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Some say that in the near future, it might become possible to accurately model currently complex things given sufficient computer advances . Assume then a very powerful computer that might be available within the next 100 years. Say like a big quantum computer or an iPhone 108 model.

Now we fire a single electron from a very accurate gun into an atom with it's orbiting electrons. Could we accurately predict the trajectory of the electron through and out of the atom, whether it hits another electron or not?

There is Is the universe fundamentally deterministic?, however it's a bit broad (Universe). More specifically though doesn't include the word electron anywhere in any of the answers. It would cover throwing dice too...

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At the specific scale of an atom's nucleus's radius, QM effects are significant. In fact it is QM that makes the periodic table look the way it does. So we need QM.

Computing power isn't really the root of indeterminism in QM, Heisenberg Uncertainty is. The uncertainties of incompatible quantities (position and momentum, energy and time, etc) are always h bar/2 no matter what technology we have. https://en.wikipedia.org/wiki/Uncertainty_principle Why this is the case is still an open question.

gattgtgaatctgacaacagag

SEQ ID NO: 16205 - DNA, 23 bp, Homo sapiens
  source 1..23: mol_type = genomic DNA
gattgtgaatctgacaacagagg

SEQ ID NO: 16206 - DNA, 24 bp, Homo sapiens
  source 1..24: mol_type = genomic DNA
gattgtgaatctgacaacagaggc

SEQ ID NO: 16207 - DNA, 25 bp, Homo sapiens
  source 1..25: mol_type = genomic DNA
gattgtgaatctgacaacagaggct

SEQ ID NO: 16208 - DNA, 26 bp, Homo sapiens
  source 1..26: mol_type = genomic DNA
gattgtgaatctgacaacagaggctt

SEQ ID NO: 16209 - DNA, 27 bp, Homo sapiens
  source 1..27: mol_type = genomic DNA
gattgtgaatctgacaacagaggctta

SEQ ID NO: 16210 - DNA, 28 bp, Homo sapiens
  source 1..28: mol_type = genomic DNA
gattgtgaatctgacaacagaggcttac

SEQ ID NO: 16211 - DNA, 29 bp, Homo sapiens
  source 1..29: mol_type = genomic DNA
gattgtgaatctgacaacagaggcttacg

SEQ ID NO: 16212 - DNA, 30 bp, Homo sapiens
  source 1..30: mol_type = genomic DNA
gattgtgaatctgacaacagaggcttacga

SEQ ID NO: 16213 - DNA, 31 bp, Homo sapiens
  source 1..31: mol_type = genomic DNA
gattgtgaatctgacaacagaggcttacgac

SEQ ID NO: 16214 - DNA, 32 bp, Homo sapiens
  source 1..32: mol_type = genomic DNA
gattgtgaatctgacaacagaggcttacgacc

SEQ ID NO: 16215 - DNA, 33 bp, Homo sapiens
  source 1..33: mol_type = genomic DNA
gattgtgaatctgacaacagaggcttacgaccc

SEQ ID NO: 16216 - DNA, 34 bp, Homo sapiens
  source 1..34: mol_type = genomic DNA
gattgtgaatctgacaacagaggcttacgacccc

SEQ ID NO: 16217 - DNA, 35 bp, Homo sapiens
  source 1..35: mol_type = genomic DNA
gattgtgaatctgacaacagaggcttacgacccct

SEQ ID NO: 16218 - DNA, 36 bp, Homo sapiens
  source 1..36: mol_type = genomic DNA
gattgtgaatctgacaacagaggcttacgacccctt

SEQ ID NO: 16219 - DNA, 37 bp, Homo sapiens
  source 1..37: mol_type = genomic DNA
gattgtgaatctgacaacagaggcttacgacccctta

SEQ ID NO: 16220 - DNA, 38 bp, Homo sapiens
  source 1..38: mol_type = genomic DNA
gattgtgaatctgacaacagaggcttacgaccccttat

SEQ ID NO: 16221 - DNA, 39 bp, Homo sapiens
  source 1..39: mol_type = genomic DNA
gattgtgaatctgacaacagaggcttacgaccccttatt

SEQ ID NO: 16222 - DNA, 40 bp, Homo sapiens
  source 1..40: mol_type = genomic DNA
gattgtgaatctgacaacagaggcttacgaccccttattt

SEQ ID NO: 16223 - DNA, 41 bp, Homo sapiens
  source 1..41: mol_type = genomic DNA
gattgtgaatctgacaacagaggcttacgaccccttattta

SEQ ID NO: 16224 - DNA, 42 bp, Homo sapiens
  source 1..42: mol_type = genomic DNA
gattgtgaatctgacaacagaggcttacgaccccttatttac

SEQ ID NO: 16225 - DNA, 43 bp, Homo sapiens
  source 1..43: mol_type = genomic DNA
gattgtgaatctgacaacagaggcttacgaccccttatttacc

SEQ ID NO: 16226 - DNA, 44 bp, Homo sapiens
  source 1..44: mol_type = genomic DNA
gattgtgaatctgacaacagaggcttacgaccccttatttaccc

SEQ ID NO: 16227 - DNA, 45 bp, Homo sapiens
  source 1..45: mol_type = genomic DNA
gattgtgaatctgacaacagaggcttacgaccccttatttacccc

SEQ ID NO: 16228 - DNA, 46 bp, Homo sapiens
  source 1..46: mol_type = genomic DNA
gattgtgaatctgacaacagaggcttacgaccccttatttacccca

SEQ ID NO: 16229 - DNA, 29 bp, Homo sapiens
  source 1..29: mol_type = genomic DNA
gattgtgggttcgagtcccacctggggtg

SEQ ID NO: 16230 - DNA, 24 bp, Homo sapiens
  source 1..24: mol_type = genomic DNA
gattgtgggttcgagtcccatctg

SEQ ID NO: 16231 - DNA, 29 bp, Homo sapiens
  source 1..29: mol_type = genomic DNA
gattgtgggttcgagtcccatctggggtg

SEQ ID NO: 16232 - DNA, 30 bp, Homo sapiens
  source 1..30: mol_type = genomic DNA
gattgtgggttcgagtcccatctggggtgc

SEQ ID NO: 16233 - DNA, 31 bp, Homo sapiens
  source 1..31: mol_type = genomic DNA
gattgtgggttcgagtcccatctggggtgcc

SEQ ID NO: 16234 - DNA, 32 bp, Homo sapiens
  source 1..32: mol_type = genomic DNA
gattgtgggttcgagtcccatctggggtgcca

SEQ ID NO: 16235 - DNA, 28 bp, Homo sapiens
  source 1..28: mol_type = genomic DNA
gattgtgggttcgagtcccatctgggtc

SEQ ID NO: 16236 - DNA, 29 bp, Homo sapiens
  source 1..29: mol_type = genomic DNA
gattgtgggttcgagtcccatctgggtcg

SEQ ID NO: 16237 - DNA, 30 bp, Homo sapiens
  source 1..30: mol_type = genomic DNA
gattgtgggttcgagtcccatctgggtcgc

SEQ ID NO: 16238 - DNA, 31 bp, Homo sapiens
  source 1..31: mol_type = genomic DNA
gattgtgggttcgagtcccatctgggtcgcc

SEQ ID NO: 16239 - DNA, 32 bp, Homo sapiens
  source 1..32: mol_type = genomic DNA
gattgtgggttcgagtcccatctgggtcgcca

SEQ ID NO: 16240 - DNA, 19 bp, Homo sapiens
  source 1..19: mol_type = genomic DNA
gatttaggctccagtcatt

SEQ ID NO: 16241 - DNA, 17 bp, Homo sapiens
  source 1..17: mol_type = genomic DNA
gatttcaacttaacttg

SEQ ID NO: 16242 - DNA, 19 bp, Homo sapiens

Local Hidden Variable theories (the idea that QM is not complete and we just need to find some other variables or perform better measurements) are no-go.https://en.wikipedia.org/wiki/No-go_theorem So there are only two possibilities for a deterministic universe: Superdeterminism, and breaking locality. Superdeterminism means everything is deterministic including us and our thoughts, locality - things can't travel faster than the speed of light and interact smoothly (in the technical sense) via fields. So yes, the universe could be deterministic, but then you have to believe all of it, including us is deterministic or break locality. https://en.wikipedia.org/wiki/Bell%27s_theorem

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